WooThemes: Making WordPress Beautiful
WordPress theme specialist WooThemes has been giving WordPress themes the wow factor for over five years. Web Designer catches up with cofounder Mark Forrester to talk themes, friendships and passion
WooThemes has developed into one of the leading providers of WordPress themes on the web. What’s the story behind WooThemes and how has the company evolved since you started?
In the early days of WordPress (circa 2007), when it was only seen as a blogging platform and themes were all free and very basic – both visually and functionally – my two business partners and I were freelancing from our homes in South Africa, England and Norway, doing custom WordPress jobs for clients, charging by the hour for our time and skills. It was around this time Adii was testing the waters with selling a ‘premium’ theme, transforming the traditional WordPress blog layout to more of a newspaper/magazine design with customisable theme options.
Magnus and I connected with Adii via our own personal blogs, and quickly started discussing an opportunity to create a passive income stream by selling off-the-shelf commercial WordPress themes with styling options, giving blog owners the tools to transform their stock standard WordPress sites into slick business brochures and news sites. Selling a product and support, as opposed to our time, afforded us to take holidays, and earn money 24/7.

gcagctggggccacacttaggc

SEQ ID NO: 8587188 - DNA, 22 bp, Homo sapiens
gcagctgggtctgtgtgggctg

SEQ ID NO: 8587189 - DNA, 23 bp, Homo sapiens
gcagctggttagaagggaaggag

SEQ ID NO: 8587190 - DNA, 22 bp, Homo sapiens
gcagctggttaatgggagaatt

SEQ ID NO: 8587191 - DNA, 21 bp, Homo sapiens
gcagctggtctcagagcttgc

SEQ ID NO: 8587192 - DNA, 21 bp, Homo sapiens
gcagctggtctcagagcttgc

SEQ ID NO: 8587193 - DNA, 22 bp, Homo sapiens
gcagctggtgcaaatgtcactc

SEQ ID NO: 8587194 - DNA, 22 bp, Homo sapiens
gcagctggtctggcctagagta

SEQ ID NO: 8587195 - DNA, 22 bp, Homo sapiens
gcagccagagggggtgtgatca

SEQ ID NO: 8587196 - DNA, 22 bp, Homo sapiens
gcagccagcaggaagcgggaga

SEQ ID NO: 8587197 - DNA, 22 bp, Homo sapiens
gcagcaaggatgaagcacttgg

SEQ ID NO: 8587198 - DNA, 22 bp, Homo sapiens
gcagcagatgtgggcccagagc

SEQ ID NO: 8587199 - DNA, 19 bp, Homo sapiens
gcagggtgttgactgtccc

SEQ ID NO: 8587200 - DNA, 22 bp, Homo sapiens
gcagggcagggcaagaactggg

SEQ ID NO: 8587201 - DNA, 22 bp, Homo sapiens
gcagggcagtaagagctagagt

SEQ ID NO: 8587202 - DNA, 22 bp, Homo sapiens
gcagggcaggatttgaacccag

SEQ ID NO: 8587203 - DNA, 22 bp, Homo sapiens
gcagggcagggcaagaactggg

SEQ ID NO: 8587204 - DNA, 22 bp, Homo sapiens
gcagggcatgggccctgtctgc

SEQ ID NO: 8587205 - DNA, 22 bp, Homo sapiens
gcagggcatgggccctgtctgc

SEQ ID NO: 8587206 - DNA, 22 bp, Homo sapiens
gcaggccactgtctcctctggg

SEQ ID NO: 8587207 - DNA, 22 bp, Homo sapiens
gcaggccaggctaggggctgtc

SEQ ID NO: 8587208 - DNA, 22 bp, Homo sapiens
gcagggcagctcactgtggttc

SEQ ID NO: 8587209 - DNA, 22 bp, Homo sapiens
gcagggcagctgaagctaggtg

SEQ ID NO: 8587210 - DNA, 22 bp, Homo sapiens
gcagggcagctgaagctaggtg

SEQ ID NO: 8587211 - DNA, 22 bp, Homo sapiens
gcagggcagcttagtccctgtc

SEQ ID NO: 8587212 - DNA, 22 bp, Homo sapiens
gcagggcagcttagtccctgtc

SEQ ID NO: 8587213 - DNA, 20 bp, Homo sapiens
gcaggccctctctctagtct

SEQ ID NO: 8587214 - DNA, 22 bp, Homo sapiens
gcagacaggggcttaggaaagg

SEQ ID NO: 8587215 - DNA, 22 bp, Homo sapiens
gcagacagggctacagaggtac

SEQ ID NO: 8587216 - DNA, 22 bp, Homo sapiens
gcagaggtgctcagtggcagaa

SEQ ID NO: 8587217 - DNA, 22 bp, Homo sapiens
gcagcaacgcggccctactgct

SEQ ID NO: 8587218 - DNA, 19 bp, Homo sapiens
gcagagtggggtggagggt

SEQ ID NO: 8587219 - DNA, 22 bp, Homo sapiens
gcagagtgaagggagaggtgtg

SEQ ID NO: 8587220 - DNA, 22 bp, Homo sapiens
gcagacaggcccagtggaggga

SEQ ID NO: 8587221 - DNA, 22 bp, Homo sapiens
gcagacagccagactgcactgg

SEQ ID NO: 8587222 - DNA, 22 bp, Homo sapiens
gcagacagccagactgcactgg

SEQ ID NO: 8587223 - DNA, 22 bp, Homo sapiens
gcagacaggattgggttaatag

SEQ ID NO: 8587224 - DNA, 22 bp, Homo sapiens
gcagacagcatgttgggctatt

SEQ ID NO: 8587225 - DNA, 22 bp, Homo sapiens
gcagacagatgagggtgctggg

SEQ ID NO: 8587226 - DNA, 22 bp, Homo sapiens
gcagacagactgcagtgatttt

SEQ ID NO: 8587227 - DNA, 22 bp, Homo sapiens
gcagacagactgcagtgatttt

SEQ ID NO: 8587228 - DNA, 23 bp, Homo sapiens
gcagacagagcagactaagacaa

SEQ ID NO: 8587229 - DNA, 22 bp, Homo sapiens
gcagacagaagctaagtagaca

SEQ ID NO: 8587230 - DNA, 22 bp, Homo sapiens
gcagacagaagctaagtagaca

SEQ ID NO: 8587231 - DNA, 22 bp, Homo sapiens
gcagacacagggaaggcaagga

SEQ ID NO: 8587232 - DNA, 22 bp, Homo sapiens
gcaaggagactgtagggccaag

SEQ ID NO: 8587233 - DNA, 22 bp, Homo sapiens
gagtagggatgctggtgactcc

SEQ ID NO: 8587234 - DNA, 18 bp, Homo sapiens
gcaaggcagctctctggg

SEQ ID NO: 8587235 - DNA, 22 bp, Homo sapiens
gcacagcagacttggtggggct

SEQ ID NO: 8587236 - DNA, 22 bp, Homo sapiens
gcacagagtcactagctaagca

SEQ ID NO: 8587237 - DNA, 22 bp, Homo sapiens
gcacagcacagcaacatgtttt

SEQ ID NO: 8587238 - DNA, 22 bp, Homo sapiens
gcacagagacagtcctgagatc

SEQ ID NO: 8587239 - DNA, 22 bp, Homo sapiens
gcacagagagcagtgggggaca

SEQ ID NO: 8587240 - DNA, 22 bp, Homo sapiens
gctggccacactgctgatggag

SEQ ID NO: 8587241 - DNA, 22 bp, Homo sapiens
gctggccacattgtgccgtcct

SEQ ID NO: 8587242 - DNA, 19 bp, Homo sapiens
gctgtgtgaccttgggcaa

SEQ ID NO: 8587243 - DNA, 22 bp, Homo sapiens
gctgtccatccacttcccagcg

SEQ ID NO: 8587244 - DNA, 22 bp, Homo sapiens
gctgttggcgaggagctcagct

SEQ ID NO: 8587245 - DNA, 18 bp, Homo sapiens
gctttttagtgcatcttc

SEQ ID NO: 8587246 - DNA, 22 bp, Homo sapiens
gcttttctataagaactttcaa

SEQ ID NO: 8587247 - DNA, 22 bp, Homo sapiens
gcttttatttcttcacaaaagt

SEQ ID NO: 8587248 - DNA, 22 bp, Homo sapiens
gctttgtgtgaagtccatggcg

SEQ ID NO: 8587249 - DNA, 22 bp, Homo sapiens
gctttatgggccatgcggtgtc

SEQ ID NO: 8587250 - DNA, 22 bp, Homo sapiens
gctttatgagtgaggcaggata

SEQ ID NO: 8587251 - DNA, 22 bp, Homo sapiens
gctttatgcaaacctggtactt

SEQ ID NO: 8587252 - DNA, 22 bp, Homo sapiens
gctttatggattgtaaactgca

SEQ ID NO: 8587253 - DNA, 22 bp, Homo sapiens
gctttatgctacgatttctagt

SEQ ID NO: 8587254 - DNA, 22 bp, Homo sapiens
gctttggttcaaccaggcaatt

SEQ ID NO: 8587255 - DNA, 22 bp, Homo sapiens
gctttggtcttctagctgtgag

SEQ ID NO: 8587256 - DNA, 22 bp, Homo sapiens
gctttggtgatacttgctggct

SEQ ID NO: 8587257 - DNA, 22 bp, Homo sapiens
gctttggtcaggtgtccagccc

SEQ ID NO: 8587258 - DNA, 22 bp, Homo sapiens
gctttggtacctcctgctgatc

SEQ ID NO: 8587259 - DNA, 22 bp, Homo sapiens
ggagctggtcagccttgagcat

WordPress now powers a huge chunk of the top sites on the internet and the latest version has already been downloaded over 12 million times. It’s a huge target market.
We were lucky to be early to the marketplace and secure a prominent position in the WordPress community. As competition has grown we’ve prided ourselves on the innovation shown in our themes, some of the code even made it to WordPress core and became the WordPress menu system, and that innovation has since led to us exploring WordPress plug-in development.
Themes are the core product at WooThemes, with well over 90 available to users. How often are new themes added, and what is the process for creating and bringing a new theme to the market?
Up until recently we were releasing two themes a month. Once we reached the big 100 though we realised it wasn’t efficient to have such a large catalogue, and retired a bunch. We now only guarantee one release per month. By retiring themes and reducing the amount we develop each month we can concentrate our attention on producing even better, more flexible and extendable themes, and ensure our community is serviced with the quickest and most thorough support possible.
Our theme development process starts with an idea, usually submitted via our ideas board where users have the ability to submit their ideas for themes/plug-ins, and other community members can vote it up if they like it. The ideas with the most votes rise up and get discussed in our internal product meetings. We then decide on the feasibility and likely feature set and plan to design either in-house or seek an industry leading designer to collaborate with.